Being too damn hot could leave you jobless as in the case of Melissa Nelson who was fired for being too “irresistible” and a “threat” to her employer’s marriage.
“I think it is completely wrong,” Nelson said. “I think it is sending a message that men can do whatever they want in the work force.”
On Friday, the all-male Iowa State Supreme Court ruled that James Knight, Nelson’s boss, was within his legal rights when he fired her, affirming the decision of a lower court.
“We do think the Iowa Supreme Court got it completely right,” said Stuart Cochrane, an attorney for James Knight. “Our position has always been Mrs. Nelson was never terminated because of her gender, she was terminated because of concerns her behavior was not appropriate in the workplace. She’s an attractive lady. Dr. Knight found her behavior and dress to be inappropriate.”
For Nelson, a 32-year-old married mother of two, the news of her firing and the rationale behind it came as a shock.
“I was very surprised after working so many years side by side I didn’t have any idea that that would have crossed his mind,” she said.
The two never had a sexual relationship or sought one, according to court documents, however in the final year and a half of Nelson’s employment, Knight began to make comments about her clothing being too tight or distracting.
“Dr. Knight acknowledges he once told Nelson that if she saw his pants bulging, she would know her clothing was too revealing,” the justices wrote.
Six months before Nelson was fired, she and her boss began exchanging text messages about work and personal matters, such as updates about each of their children’s activities, the justices wrote.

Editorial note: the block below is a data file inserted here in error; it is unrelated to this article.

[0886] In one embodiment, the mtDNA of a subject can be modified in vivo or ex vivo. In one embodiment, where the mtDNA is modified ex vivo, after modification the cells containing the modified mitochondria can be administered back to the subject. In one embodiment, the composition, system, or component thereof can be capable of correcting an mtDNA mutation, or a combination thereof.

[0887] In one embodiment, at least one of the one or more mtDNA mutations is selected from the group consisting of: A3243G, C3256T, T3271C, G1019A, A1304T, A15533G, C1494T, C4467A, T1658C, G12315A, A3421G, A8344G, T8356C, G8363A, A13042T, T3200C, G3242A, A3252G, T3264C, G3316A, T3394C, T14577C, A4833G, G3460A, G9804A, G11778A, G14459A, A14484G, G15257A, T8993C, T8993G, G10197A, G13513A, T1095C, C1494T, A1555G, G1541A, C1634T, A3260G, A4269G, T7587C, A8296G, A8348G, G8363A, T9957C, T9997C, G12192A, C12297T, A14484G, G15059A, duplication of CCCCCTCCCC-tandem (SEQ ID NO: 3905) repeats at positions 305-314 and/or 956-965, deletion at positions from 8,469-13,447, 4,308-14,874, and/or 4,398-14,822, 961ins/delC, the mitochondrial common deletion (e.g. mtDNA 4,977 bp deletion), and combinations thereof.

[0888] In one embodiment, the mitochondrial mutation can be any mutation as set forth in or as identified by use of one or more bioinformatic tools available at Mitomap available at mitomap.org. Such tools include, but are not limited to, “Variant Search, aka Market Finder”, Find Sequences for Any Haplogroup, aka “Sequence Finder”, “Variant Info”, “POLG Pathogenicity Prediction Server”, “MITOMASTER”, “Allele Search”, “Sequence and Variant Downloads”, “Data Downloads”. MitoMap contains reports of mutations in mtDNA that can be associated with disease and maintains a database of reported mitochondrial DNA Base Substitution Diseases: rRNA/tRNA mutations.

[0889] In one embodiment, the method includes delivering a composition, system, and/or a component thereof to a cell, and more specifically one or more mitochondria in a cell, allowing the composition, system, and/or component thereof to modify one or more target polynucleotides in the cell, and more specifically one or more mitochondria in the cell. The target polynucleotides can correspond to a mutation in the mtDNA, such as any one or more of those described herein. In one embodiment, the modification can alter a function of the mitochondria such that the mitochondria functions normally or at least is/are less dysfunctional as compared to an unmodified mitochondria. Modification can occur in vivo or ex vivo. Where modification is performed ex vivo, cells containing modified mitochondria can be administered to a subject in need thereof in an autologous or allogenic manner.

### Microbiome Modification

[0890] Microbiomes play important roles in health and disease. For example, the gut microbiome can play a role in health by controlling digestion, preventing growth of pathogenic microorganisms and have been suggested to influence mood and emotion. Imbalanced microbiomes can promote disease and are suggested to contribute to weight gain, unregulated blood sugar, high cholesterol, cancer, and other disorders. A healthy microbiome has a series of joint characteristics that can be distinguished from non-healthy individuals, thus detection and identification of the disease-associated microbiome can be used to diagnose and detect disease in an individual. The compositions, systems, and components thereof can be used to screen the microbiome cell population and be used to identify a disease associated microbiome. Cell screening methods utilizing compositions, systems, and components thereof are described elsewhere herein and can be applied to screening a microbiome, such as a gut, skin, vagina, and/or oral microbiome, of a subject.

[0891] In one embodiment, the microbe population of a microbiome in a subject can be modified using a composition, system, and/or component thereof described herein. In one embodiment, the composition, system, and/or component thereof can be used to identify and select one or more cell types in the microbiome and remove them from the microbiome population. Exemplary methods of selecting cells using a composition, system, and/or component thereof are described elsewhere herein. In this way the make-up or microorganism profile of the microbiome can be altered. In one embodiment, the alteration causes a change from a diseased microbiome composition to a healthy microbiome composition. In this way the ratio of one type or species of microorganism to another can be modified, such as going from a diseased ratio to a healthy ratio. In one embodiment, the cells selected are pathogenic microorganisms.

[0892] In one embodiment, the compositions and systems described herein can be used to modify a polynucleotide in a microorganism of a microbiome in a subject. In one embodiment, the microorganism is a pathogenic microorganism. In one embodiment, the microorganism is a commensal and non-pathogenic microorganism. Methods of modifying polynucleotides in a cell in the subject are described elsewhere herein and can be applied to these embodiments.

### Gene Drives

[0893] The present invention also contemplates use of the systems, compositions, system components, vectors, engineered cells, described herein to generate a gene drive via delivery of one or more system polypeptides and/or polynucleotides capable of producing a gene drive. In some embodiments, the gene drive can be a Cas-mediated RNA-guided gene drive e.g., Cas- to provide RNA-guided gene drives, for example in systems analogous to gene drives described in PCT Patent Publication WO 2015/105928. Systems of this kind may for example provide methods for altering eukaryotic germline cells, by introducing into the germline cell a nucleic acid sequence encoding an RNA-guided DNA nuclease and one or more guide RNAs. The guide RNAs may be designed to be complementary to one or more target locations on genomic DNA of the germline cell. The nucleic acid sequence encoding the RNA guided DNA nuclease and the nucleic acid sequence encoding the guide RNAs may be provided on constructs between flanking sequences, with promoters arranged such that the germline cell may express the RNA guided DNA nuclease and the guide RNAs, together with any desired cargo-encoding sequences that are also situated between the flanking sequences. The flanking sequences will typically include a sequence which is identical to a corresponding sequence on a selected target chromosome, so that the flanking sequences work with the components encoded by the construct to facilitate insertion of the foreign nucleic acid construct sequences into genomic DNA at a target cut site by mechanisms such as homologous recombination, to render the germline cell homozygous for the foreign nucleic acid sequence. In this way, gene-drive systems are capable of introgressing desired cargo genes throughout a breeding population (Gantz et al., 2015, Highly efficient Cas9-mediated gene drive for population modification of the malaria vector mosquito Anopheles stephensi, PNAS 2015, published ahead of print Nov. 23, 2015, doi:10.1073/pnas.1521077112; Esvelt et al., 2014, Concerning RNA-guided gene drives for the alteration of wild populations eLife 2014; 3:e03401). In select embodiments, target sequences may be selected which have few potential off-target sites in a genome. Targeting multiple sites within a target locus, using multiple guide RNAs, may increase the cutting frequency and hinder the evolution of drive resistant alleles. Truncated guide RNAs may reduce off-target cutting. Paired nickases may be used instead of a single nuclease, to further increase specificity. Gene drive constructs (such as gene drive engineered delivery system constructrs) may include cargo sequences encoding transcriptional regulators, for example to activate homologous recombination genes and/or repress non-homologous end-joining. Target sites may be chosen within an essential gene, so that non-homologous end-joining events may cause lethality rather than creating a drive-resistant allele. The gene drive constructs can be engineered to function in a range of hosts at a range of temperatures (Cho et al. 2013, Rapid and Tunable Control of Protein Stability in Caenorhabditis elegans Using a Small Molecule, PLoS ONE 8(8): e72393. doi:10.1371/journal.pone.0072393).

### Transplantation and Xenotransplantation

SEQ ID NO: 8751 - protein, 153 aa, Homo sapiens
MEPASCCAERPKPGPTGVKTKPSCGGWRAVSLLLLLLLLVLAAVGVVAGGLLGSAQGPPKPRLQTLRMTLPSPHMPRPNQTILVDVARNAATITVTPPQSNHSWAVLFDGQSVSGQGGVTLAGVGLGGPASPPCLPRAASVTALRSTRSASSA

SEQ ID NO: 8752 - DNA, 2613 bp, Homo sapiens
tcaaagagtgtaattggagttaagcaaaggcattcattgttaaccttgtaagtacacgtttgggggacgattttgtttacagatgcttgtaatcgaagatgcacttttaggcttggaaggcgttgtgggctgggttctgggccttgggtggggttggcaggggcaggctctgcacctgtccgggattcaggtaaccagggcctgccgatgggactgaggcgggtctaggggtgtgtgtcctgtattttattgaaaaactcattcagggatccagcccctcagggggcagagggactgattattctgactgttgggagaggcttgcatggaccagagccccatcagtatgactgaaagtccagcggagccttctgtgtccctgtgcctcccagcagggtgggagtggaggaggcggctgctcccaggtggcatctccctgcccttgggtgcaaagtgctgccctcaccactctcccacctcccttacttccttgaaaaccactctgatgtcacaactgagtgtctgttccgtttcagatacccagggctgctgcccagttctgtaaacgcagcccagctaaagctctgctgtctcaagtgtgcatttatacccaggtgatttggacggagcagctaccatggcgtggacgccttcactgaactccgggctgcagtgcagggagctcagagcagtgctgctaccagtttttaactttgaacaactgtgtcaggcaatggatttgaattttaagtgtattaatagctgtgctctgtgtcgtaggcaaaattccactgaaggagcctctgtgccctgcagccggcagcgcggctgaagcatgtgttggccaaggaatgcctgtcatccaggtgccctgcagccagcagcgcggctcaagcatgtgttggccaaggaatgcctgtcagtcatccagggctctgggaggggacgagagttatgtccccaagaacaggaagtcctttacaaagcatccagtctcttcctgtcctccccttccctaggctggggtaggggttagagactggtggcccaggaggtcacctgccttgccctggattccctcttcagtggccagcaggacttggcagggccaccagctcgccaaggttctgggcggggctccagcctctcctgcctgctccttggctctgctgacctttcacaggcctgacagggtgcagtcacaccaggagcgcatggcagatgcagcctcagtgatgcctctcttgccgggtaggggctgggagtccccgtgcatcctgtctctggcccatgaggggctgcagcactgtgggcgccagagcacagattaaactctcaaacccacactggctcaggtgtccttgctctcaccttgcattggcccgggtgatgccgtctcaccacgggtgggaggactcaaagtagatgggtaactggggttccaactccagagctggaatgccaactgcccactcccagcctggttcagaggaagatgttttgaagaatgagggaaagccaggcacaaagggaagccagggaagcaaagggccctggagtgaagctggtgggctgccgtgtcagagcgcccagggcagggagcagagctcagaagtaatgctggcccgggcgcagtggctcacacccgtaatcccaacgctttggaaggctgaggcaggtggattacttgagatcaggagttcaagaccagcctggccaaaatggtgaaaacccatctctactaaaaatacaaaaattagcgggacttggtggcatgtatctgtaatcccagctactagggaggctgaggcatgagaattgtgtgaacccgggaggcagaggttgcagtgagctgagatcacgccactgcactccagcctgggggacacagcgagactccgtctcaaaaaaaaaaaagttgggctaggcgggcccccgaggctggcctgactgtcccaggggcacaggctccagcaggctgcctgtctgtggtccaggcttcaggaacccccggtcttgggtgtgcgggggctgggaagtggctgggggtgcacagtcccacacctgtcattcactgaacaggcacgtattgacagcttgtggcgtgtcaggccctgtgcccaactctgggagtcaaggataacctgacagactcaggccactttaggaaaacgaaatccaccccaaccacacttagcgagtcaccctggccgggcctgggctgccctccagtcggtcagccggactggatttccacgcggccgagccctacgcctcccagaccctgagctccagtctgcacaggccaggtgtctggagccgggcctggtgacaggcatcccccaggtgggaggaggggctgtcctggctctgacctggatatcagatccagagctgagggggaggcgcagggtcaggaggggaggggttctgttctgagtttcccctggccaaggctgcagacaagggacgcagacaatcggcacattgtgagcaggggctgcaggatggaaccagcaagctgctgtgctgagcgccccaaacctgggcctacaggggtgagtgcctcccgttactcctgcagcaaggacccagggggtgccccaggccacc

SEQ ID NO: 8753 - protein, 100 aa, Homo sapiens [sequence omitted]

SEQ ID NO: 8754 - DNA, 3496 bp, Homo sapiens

The messages were mostly mundane, but Nelson recalled one text she received from her boss asking “how often she experienced an orgasm.”
Nelson did not respond to the text and never indicated that she was uncomfortable with Knight’s question, according to court documents.
Soon after, Knight’s wife, Jeanne, who also works at the practice, found out about the text messaging and ordered her husband to fire Nelson.
The couple consulted with a senior pastor at their church and he agreed that Nelson should be terminated in order to protect their marriage, Cochrane said.
On Jan. 4, 2010, Nelson was summoned to a meeting with Knight while a pastor was present. Knight then read from a prepared statement telling Nelson she was fired.
“Dr. Knight felt like for the best interest of his marriage and the best interest of hers to end their employment relationship,” Cochrane said.
Knight acknowledged in court documents that Nelson was good at her job and she, in turn, said she was generally treated with respect.
“I’m devastated. I really am,” Nelson said.
When Nelson’s husband tried to reason with Knight, the dentist told him he “feared he would have an affair with her down the road if he did not fire her.”
Paige Fiedler, Nelson’s attorney, said in a statement to ABC News affiliate KCRG that she was “appalled” by the ruling.
“We are appalled by the Court’s ruling and its failure to understand the nature of gender bias.,” she wrote.
“Although people act for a variety of reasons, it is very common for women to be targeted for discrimination because of their sexual attractiveness or supposed lack of sexual attractiveness. That is discrimination based on sex,” Fiedler wrote. “Nearly every woman in Iowa understands this because we have experienced it for ourselves.”